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http://dx.doi.org/10.3389/fpsyg.2019.00479DOI Listing
http://www.ncbi.nlm.nih.gov/pmc/articles/PMC6423066PMC
March 2019

Training Cognitive Functions Using Mobile Apps in Breast Cancer Patients: Systematic Review.

JMIR Mhealth Uhealth 2019 03 19;7(3):e10855. Epub 2019 Mar 19.

Department of Oncology and Hemato-Oncology, University of Milan, Milan, Italy.

Background: Breast cancer is an invalidating disease and its treatment can bring serious side effects that have a physical and psychological impact. Specifically, cancer treatment generally has a strong impact on cognitive function. In recent years, new technologies and eHealth have had a growing influence on health care and innovative mobile apps can be useful tools to deliver cognitive exercise in the patient's home.

Objective: This systematic review gives an overview of the state-of-the-art mobile apps aimed at training cognitive functions to better understand whether these apps could be useful tools to counteract cognitive impairment in breast cancer patients.

Methods: We searched in a systematic way all the full-text articles from the PubMed and Embase databases.

Results: We found eleven studies using mobile apps to deliver cognitive training. They included a total of 819 participants. App and study characteristics are presented and discussed, including cognitive domains trained (attention, problem solving, memory, cognitive control, executive function, visuospatial function, and language). None of the apps were specifically developed for breast cancer patients. They were generally developed for a specific clinical population. Only 2 apps deal with more than 1 cognitive domain, and only 3 studies focus on the efficacy of the app training intervention.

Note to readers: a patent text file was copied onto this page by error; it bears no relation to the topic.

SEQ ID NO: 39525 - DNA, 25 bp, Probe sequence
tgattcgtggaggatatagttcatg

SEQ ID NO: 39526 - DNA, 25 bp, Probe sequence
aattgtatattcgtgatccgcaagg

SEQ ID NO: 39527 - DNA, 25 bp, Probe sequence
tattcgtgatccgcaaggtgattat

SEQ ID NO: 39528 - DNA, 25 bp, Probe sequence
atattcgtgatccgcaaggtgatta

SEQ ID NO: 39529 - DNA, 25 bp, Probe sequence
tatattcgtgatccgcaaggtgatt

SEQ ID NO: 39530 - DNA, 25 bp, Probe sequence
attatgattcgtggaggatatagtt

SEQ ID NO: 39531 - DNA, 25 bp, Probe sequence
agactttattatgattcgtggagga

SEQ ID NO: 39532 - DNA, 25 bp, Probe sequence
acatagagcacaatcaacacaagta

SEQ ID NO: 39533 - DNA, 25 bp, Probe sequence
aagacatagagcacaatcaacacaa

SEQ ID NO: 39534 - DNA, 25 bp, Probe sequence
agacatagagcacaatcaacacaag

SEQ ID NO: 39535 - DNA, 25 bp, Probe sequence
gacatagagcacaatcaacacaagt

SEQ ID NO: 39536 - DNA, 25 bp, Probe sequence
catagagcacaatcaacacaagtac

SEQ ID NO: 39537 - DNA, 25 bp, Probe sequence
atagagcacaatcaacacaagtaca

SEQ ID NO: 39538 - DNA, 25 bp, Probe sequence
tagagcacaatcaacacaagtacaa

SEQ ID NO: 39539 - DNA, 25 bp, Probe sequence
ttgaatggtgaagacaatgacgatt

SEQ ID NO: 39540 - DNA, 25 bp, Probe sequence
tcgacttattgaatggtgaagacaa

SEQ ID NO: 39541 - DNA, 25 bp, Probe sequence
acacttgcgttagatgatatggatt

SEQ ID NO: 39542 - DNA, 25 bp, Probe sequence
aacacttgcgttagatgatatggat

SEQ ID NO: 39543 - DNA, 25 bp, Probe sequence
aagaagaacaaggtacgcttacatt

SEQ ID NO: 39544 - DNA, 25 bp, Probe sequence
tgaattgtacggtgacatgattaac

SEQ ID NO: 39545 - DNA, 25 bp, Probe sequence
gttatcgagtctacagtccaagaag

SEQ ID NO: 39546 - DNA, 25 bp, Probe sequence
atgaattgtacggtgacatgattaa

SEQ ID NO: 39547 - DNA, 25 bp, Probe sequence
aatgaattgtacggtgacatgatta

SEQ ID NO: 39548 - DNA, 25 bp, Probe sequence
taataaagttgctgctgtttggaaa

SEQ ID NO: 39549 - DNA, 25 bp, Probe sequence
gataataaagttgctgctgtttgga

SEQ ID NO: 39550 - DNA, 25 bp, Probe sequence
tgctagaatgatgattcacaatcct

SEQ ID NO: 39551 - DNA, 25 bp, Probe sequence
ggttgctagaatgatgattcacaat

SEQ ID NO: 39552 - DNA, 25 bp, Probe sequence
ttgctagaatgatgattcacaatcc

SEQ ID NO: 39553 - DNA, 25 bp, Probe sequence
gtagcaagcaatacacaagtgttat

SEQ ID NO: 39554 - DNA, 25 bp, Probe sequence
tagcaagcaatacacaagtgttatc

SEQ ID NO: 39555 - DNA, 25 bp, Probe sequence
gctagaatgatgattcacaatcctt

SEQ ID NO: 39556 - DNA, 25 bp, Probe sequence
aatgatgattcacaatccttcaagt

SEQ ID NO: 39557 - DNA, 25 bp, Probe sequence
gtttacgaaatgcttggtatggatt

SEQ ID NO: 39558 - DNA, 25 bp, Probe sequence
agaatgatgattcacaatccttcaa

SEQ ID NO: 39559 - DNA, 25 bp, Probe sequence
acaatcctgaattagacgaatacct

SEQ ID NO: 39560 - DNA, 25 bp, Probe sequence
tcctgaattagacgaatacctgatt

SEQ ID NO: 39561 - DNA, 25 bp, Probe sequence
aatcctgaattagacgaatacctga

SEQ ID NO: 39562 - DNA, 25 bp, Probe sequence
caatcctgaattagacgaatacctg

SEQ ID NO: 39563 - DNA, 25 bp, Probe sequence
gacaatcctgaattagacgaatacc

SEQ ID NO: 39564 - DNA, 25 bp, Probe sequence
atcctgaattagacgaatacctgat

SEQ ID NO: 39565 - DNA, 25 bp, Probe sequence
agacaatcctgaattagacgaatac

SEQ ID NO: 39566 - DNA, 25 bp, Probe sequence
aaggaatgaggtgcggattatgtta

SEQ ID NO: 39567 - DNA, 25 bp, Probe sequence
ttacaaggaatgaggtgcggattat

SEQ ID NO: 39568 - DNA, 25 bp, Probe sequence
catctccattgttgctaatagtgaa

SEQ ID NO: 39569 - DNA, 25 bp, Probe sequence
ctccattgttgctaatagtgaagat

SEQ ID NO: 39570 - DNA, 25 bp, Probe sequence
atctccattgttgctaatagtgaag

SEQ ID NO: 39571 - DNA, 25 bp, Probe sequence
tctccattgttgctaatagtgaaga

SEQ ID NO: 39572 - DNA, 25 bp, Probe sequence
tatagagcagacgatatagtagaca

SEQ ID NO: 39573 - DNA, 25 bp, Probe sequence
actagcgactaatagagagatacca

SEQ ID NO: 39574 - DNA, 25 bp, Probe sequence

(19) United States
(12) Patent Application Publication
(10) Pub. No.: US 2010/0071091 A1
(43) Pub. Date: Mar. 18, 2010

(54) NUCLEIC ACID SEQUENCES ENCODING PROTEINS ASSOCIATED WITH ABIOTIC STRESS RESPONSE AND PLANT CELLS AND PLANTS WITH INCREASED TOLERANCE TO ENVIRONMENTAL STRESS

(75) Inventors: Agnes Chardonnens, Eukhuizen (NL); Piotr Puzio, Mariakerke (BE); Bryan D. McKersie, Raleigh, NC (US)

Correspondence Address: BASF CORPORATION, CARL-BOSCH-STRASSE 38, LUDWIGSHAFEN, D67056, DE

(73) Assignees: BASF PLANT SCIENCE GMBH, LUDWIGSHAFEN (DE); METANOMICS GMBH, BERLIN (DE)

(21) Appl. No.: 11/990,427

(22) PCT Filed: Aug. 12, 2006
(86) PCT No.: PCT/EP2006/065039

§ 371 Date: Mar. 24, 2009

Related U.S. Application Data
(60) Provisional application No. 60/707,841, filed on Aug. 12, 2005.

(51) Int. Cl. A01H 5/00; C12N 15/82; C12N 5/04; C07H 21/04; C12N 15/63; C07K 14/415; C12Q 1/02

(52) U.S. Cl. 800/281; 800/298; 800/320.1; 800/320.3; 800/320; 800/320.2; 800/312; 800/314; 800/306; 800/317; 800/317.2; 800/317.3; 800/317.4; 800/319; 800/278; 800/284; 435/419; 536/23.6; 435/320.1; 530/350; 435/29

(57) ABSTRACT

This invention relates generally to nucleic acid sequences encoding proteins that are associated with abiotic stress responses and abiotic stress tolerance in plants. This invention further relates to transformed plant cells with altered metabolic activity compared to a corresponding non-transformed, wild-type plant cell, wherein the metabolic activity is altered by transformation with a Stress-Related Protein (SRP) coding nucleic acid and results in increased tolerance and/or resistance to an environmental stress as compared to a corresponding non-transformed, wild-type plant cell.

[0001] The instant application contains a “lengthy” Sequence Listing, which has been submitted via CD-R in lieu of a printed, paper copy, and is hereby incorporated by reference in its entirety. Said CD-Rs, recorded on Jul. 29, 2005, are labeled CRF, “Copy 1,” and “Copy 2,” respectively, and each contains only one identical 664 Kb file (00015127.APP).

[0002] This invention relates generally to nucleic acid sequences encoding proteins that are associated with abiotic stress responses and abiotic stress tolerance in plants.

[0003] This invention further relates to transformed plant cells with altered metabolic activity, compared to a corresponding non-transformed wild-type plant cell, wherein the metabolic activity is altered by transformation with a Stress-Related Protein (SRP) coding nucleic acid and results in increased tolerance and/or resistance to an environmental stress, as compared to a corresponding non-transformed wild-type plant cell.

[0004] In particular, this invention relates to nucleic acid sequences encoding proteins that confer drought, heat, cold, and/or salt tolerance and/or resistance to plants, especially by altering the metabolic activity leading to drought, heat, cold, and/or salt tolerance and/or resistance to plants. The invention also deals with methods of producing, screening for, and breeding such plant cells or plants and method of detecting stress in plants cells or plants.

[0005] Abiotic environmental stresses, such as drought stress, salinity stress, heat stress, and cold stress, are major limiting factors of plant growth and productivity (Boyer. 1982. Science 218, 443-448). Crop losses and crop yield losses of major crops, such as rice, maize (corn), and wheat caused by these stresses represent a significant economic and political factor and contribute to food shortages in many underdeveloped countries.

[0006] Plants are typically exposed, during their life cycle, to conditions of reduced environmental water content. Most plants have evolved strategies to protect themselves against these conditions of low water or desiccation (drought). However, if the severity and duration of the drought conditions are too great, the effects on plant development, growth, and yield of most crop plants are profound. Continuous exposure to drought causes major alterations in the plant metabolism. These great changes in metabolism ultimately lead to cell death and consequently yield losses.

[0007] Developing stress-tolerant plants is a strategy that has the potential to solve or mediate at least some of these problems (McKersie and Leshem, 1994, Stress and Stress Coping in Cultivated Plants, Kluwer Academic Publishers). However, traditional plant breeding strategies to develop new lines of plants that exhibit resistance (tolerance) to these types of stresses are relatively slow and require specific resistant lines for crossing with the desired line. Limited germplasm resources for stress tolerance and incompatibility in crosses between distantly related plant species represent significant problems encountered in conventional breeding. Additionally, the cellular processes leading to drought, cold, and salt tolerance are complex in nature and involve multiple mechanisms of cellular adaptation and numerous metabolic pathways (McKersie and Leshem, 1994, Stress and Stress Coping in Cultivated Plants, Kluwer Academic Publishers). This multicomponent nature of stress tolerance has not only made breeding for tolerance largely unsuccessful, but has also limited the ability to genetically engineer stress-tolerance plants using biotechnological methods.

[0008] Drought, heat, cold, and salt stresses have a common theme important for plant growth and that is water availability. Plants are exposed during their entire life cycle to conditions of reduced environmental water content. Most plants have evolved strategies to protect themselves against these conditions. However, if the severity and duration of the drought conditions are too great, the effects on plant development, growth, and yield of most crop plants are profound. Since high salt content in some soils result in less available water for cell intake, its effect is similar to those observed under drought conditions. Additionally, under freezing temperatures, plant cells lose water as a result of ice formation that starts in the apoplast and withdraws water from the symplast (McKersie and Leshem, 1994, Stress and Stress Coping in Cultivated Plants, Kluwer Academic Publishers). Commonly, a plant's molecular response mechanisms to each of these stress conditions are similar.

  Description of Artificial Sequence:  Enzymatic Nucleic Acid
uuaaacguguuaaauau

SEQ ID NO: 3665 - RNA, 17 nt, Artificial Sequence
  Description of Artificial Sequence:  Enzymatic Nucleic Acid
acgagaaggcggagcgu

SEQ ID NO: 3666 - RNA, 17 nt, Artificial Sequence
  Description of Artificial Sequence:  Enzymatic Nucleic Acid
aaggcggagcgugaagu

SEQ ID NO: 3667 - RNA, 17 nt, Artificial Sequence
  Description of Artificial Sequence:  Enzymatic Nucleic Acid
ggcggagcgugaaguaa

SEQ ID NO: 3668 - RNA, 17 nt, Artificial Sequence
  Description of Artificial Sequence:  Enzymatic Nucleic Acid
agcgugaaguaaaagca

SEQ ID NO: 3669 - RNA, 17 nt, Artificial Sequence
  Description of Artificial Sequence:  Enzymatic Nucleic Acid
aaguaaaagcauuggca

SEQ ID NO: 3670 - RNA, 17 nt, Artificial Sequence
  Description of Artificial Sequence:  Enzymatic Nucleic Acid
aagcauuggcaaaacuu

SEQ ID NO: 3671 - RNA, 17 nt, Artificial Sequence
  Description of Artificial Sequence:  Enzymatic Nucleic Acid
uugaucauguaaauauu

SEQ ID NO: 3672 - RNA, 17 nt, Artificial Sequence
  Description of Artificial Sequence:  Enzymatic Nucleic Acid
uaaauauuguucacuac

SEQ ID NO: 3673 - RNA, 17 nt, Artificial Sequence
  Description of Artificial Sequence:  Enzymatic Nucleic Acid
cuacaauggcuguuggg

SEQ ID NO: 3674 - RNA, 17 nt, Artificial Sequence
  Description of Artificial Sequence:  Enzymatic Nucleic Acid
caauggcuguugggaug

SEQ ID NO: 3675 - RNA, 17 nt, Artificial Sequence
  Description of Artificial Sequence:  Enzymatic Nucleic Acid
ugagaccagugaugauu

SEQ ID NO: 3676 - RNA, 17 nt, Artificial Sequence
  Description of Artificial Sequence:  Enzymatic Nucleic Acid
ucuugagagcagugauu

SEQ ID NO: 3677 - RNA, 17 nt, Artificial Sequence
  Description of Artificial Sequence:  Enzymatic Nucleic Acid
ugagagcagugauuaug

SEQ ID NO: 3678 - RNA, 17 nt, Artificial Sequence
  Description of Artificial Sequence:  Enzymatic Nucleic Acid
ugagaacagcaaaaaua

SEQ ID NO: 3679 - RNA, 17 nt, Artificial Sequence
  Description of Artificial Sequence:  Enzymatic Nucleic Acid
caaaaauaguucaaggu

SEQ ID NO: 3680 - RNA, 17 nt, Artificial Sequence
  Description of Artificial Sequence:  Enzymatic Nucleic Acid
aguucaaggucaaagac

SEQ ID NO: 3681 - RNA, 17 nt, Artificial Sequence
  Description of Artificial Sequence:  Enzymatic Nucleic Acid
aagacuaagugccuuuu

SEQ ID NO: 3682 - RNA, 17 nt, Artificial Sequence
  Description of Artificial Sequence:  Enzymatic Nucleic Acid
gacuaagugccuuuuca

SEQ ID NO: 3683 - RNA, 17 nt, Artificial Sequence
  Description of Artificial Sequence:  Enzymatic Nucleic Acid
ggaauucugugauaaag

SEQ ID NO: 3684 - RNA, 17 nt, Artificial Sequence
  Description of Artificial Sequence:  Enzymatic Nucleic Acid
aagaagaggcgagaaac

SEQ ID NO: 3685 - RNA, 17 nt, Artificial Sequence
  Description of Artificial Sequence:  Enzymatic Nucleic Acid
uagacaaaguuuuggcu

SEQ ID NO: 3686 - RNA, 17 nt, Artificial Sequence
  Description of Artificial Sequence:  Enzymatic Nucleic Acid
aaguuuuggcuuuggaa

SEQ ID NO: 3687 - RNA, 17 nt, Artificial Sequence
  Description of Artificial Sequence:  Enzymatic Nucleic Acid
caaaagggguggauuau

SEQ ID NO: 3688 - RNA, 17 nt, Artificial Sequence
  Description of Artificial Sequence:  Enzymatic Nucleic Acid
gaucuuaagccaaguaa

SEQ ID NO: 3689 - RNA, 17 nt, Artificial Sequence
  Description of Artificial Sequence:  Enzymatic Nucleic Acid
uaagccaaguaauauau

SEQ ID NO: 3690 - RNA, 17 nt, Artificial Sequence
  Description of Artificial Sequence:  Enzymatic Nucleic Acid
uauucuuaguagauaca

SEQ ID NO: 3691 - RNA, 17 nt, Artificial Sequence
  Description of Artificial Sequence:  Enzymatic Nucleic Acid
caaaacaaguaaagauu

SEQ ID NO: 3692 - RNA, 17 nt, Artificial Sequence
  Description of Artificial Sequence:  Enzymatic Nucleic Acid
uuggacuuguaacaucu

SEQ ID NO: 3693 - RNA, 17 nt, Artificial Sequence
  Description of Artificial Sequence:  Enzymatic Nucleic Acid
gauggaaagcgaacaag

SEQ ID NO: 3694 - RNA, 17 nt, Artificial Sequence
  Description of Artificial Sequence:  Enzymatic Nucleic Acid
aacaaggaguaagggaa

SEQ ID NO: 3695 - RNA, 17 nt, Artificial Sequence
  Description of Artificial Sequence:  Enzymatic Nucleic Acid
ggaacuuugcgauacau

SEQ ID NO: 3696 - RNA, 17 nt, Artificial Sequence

Conclusions: These results highlight the lack of empirical evidence on the efficacy of currently available apps to train cognitive function. Cognitive domains are not well defined across studies. It is noteworthy that no apps are specifically developed for cancer patients, and their applicability to breast cancer should not be taken for granted. Future studies should test the feasibility, usability, and effectiveness of available cognitive training apps in women with breast cancer. Due to the complexity and multidimensionality of cognitive difficulties in this cancer population, it may be useful to design, develop, and implement an ad hoc app targeting cognitive impairment in breast cancer patients.
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http://dx.doi.org/10.2196/10855DOI Listing
http://www.ncbi.nlm.nih.gov/pmc/articles/PMC6444278PMC
March 2019

A pilot study on aesthetic treatments performed by qualified aesthetic practitioners: efficacy on health-related quality of life in breast cancer patients.

Qual Life Res 2019 Jun 20;28(6):1543-1553. Epub 2019 Feb 20.

Department of Oncology and Hematoncology (DIPO), University of Milan, Via Festa del Perdono 7, 20122, Milan, Italy.

Purpose: Cancer treatments often produce undesirable side-effects, such as skin toxicity, impacting on everyday functioning and health-related quality of life (HRQoL). This experimental study sought to determine whether aesthetic products and treatments could significantly decrease perceived skin symptoms, psychological distress and improve skin-related QoL (SRQoL).

Methods: An experimental group composed of 100 breast patients was enrolled for specialized aesthetic treatments at the European Institute of Oncology (IEO) and compared to a control group of 70 breast patients who did not receive any aesthetic treatment. A measure of SRQoL (i.e., Skindex-16) and a distress thermometer were administered longitudinally at three time points: at baseline (T0), at 7 days from beginning of aesthetic treatment (T1) and at 28 days from beginning of aesthetic treatment (T2).